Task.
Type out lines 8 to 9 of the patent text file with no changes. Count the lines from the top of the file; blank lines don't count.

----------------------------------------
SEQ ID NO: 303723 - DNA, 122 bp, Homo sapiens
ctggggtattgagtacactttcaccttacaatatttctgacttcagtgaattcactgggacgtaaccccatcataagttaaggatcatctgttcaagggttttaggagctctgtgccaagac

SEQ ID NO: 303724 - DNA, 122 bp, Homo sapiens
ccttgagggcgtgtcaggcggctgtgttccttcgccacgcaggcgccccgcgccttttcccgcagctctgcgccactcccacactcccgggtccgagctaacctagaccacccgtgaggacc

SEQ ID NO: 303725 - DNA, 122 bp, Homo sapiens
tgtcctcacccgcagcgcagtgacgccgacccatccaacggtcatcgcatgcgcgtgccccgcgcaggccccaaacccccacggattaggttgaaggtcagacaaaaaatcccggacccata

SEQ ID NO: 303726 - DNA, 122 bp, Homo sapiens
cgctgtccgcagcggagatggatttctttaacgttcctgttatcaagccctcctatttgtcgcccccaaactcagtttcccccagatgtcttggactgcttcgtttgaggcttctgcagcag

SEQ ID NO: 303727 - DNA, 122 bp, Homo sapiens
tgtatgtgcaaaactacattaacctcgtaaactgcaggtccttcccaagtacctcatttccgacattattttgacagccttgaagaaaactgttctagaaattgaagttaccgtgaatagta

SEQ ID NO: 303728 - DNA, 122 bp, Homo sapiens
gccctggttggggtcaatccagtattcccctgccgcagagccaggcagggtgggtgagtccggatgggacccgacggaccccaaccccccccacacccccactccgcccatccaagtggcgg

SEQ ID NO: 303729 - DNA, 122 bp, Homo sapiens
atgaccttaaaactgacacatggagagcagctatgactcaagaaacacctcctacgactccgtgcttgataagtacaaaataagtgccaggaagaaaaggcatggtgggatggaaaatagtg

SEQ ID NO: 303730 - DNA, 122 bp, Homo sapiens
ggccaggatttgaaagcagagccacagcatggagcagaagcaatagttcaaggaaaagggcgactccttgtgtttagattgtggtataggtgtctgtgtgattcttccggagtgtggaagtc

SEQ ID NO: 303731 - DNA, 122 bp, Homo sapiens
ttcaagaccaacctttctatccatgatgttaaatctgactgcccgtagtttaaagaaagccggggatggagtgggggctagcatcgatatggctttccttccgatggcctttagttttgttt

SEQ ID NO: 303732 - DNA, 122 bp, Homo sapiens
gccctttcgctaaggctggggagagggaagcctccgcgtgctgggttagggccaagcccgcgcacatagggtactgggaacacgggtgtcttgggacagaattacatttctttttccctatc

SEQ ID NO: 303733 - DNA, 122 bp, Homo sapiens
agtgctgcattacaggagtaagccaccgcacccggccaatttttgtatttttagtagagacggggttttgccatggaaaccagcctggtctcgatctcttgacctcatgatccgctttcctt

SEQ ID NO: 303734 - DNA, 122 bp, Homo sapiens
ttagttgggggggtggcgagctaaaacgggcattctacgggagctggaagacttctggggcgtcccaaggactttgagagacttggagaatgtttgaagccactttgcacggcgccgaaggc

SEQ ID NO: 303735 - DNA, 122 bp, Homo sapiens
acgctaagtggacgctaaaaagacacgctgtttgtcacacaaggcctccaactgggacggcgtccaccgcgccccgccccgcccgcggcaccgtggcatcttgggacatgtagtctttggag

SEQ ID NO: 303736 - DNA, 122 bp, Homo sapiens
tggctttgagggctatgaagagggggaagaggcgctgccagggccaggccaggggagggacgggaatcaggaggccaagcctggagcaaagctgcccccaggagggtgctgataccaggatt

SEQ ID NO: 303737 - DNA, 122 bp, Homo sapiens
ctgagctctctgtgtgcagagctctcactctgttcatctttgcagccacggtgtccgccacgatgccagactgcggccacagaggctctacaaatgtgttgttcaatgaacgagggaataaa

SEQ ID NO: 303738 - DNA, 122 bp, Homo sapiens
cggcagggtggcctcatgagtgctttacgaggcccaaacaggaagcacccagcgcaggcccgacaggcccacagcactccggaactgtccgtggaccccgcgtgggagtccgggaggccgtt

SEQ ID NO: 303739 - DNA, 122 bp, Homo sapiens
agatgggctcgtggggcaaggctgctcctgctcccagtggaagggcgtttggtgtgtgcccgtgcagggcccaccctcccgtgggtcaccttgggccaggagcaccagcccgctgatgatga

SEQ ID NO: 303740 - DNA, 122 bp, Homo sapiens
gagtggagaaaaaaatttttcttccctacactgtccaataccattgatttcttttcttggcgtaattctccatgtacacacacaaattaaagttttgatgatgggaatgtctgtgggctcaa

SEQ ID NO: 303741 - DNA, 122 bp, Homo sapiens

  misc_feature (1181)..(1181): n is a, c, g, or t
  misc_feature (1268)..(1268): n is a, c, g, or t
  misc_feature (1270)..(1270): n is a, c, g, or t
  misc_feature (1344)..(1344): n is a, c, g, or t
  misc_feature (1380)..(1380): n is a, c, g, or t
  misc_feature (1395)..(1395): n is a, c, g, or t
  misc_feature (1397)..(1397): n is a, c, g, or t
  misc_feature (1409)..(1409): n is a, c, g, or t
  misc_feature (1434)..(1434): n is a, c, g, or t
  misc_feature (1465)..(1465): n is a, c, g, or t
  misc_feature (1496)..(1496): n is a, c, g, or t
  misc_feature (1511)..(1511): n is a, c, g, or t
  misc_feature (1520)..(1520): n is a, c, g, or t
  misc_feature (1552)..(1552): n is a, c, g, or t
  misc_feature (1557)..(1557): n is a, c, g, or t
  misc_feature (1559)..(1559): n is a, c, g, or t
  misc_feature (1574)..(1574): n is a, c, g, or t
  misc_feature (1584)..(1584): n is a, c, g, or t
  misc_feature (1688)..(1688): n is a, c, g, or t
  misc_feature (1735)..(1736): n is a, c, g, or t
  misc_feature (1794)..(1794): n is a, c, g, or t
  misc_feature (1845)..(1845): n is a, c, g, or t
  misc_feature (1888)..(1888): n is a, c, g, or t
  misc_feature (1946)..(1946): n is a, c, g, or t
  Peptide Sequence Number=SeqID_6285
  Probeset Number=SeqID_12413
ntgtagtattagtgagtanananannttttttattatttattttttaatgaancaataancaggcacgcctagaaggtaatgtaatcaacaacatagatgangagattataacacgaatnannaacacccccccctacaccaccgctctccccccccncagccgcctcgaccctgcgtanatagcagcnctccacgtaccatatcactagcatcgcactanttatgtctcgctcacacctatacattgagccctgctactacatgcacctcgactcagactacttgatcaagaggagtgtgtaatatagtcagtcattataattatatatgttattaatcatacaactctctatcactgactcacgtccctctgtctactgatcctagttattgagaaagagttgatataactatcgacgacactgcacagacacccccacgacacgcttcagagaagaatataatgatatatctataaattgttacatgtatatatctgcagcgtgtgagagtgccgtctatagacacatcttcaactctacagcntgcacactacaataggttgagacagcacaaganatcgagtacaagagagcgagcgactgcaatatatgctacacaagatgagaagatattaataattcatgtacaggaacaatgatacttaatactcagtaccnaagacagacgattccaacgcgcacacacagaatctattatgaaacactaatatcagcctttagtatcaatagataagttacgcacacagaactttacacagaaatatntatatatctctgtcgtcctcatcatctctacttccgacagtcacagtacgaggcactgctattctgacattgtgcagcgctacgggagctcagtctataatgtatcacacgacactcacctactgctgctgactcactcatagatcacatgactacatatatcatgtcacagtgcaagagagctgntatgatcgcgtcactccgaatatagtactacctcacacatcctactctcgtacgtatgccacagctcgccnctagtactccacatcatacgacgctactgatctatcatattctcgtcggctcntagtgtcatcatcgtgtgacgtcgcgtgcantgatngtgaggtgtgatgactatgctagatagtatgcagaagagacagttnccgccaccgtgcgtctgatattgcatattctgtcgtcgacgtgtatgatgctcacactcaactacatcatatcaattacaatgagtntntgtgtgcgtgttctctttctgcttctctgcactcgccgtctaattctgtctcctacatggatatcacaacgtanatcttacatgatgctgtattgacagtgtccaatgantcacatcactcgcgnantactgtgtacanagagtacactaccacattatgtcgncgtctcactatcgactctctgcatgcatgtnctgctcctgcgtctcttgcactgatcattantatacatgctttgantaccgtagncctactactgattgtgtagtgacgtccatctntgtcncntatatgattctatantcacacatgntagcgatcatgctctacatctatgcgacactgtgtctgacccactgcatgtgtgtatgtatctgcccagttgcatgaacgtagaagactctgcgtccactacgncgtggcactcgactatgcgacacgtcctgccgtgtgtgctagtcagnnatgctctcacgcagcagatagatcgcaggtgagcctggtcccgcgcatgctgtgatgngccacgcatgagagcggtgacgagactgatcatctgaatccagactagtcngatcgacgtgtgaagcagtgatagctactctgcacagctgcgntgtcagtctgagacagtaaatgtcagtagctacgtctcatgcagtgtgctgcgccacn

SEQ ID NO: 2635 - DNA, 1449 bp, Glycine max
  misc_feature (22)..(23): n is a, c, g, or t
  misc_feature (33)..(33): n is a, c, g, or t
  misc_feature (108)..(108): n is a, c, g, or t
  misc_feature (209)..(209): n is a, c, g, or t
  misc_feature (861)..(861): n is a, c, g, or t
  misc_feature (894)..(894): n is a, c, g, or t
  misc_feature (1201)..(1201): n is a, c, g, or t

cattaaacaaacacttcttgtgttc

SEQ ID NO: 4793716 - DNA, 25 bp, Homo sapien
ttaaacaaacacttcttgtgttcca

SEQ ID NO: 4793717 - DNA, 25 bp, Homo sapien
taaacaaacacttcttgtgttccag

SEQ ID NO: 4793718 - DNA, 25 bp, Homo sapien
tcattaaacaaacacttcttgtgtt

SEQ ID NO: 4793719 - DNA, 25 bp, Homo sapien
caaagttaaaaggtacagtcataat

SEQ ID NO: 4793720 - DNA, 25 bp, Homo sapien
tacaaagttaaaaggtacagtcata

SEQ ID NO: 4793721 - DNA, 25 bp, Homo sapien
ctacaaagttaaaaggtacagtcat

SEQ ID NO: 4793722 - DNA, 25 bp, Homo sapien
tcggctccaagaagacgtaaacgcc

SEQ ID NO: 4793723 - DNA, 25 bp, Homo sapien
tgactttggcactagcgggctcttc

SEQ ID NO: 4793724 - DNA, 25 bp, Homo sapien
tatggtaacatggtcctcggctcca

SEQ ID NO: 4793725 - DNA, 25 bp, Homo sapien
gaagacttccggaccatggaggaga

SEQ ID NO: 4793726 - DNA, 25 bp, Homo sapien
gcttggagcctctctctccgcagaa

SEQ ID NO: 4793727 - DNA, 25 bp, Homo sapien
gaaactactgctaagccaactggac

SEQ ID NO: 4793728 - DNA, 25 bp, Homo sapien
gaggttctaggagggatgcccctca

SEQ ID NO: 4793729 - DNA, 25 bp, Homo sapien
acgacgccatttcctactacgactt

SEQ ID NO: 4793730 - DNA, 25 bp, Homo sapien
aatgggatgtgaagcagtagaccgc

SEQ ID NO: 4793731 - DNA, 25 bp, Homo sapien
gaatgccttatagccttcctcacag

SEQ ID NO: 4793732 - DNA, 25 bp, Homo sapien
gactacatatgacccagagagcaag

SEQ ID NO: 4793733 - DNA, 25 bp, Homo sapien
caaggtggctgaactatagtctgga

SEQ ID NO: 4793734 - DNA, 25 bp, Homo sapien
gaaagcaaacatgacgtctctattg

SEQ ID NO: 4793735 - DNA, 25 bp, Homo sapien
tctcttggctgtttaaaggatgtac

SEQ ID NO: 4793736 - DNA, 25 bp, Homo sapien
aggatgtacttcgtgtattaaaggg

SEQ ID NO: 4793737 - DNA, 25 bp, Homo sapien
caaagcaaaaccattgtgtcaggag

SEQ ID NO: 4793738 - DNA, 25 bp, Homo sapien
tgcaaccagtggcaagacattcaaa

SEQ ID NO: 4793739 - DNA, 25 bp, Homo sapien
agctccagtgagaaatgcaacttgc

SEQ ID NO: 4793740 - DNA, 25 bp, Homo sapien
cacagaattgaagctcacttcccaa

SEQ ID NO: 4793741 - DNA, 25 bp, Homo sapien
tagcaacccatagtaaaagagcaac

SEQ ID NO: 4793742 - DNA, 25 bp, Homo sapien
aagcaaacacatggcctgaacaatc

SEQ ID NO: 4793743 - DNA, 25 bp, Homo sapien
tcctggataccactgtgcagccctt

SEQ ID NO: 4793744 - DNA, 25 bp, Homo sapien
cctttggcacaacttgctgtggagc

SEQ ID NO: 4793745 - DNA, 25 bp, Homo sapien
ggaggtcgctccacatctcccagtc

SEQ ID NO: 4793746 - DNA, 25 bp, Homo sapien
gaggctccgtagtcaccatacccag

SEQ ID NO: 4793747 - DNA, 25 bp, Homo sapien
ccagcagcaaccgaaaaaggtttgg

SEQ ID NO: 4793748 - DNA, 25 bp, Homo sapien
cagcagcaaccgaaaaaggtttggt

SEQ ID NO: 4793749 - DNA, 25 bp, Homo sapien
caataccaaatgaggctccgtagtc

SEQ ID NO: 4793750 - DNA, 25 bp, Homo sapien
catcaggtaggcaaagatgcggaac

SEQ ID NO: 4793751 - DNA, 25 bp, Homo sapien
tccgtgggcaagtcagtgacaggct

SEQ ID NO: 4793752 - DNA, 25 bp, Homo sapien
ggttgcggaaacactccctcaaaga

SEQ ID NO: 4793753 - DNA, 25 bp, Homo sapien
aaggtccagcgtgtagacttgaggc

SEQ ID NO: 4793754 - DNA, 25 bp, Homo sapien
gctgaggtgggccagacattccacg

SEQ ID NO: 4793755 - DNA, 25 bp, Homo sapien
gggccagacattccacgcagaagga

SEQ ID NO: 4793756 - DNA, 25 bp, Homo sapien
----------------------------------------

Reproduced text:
cgctgtccgcagcggagatggatttctttaacgttcctgttatcaagccctcctatttgtcgcccccaaactcagtttcccccagatgtcttggactgcttcgtttgaggcttctgcagcag

SEQ ID NO: 303727 - DNA, 122 bp, Homo sapiens